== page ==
And I, really, you know, I feel like I’m, I’m contributing to making the world a better place. And I’m a huge proponent of trying to leave the world a better place and help other people become the best version of themselves. And then it all, you know, really blew up. And, I think it was 2017 or 2018 when the New York Times decided to out me as a, I don’t even know what you wanna call it. They used the word spy in their headline, but, you know they wanted to draw.
That’s a good headline. It’s a good headline for you.
It was the top, top article of the New York Times for like three days.
I think it was the highest-performing article that Landon Thomas, who was the author of that article who, had ever written, but I didn’t want the profile, which was also a bit antithesis to the New York Times. And they’re like, we’re, you know, when it came out that they were writing a profile on me, I was like, oh, I don’t want the attention. I don’t want anything about my career in the public or my past, or, you know, I don’t want my kids reading this.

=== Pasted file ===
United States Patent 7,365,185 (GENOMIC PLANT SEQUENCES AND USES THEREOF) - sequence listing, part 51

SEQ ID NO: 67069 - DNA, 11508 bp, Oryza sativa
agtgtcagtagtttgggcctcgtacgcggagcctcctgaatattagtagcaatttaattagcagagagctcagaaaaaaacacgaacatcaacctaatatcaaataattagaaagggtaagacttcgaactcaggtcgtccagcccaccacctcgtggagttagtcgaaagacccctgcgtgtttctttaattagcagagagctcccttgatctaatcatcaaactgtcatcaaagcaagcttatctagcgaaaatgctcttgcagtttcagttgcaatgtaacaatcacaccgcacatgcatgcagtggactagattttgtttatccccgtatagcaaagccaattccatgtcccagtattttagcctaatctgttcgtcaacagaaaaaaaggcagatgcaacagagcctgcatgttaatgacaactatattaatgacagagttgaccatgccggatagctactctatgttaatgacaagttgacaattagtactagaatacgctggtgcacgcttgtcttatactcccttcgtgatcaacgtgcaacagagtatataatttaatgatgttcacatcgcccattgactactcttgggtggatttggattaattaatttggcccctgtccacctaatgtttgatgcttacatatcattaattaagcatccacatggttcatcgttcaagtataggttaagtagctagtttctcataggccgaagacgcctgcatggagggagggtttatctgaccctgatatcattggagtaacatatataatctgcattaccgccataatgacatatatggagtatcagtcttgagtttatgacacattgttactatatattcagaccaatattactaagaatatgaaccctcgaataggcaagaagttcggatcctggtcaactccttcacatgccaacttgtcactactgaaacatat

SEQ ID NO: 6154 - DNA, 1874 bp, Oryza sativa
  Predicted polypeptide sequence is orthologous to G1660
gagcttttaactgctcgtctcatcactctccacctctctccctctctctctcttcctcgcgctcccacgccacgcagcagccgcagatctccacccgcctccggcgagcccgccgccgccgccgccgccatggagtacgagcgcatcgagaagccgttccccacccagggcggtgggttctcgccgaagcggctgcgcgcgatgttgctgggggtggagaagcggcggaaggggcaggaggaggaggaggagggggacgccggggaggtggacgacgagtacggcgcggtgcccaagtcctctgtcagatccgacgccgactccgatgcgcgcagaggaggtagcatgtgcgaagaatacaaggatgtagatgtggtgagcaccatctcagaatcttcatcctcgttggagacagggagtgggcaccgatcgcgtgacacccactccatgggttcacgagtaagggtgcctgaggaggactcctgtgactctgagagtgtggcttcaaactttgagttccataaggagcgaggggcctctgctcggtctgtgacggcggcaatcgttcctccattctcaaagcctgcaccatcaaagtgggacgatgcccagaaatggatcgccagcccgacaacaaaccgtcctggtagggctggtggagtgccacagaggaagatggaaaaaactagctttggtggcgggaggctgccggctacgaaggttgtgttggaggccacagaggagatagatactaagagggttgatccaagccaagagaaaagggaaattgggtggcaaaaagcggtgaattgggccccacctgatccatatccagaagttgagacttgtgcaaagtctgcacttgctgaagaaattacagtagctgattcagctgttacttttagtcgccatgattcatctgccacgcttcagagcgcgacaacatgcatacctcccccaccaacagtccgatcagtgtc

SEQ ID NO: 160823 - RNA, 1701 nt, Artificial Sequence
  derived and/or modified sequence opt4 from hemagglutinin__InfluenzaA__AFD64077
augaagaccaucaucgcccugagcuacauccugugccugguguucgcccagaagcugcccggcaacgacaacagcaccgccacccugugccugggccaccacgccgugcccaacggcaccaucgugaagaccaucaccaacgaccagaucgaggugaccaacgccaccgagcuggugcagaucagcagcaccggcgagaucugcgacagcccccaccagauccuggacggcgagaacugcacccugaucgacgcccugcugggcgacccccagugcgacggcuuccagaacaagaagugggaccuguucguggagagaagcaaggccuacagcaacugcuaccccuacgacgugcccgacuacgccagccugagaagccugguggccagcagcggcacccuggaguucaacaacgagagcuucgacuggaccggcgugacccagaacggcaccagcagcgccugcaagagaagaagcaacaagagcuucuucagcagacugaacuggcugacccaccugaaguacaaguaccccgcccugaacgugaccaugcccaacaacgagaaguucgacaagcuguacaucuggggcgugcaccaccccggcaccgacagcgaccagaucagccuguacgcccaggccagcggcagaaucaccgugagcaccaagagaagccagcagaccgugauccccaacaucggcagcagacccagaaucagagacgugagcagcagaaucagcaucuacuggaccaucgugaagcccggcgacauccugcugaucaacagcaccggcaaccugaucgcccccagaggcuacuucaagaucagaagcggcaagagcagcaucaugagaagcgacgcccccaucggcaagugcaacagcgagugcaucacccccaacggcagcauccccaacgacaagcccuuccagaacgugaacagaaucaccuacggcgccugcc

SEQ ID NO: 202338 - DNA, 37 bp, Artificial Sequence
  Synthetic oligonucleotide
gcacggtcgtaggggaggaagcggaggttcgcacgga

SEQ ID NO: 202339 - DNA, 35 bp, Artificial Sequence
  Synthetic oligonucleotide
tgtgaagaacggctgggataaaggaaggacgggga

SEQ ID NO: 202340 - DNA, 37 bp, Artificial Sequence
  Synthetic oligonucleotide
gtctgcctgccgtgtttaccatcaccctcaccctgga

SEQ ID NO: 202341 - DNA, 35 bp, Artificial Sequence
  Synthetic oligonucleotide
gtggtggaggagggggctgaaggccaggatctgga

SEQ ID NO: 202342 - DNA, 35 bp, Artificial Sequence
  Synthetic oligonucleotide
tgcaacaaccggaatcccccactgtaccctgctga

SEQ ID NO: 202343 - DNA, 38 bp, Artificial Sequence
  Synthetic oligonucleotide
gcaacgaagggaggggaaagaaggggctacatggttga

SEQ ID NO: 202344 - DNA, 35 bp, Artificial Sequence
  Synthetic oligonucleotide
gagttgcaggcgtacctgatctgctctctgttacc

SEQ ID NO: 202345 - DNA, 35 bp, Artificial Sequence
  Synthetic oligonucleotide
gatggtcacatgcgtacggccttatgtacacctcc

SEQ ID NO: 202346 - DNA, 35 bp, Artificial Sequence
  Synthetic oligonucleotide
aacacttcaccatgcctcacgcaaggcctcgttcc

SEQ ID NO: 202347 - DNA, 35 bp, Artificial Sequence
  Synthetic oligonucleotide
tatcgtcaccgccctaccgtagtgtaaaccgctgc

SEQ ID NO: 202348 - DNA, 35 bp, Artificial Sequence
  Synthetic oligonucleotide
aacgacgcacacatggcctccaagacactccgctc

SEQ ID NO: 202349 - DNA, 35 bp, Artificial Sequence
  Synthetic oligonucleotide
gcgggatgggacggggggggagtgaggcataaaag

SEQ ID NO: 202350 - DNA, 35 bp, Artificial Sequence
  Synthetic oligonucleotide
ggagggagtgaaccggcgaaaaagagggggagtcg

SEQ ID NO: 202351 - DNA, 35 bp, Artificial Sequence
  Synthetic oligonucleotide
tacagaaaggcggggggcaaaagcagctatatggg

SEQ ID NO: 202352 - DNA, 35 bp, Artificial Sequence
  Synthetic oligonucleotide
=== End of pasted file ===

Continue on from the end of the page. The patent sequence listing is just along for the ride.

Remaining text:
And now it’s, and now it’s too late.
Well, you know, you journalistic integrity, they, you know, they’re like, you can’t really decide that. But if you want to talk to us, then, you know, that’ll give us some other stuff because they had, you know, he had done a, a lot of research, I’ll give him a lot of credit. He had talked to a lot of people and, you know, he had my old job titles and stuff like that in there. And I was like, yeah, can we just like keep that stuff out? Like, that serves no public good. And it only causes problems for us, right?
So, he agreed to, and I met with him and he’s like, I don’t know why everybody, you know, what did he say in the article? I look like a grad student. I don’t know why everybody on Wall Street wants to talk to this guy.
One of the headlines in that article is that there’s the 80% of the people that were reading your blog at the time were working on Wall Street. And the idea there, I mean, that was to your surprise, but the idea was, well, these people fit a certain archetype. They, they want that 1% edge that allow, because, there’s a certain point of life in, I think, in any industry actually, and in any sphere of life where you’ve done the basics, right? So you are working, of course, you are putting in effort. Okay? So that’s not the issue. Of course, you are motivated. That’s not the issue. So if you want to improve from there, you have to improve the way you think. And every, every percent of improvement in your thinking ability has this disproportionate impact for good. So it’s a few things that put you in a position where suddenly this is very relevant information. And that seemed to be what was happening with these Wall Street types.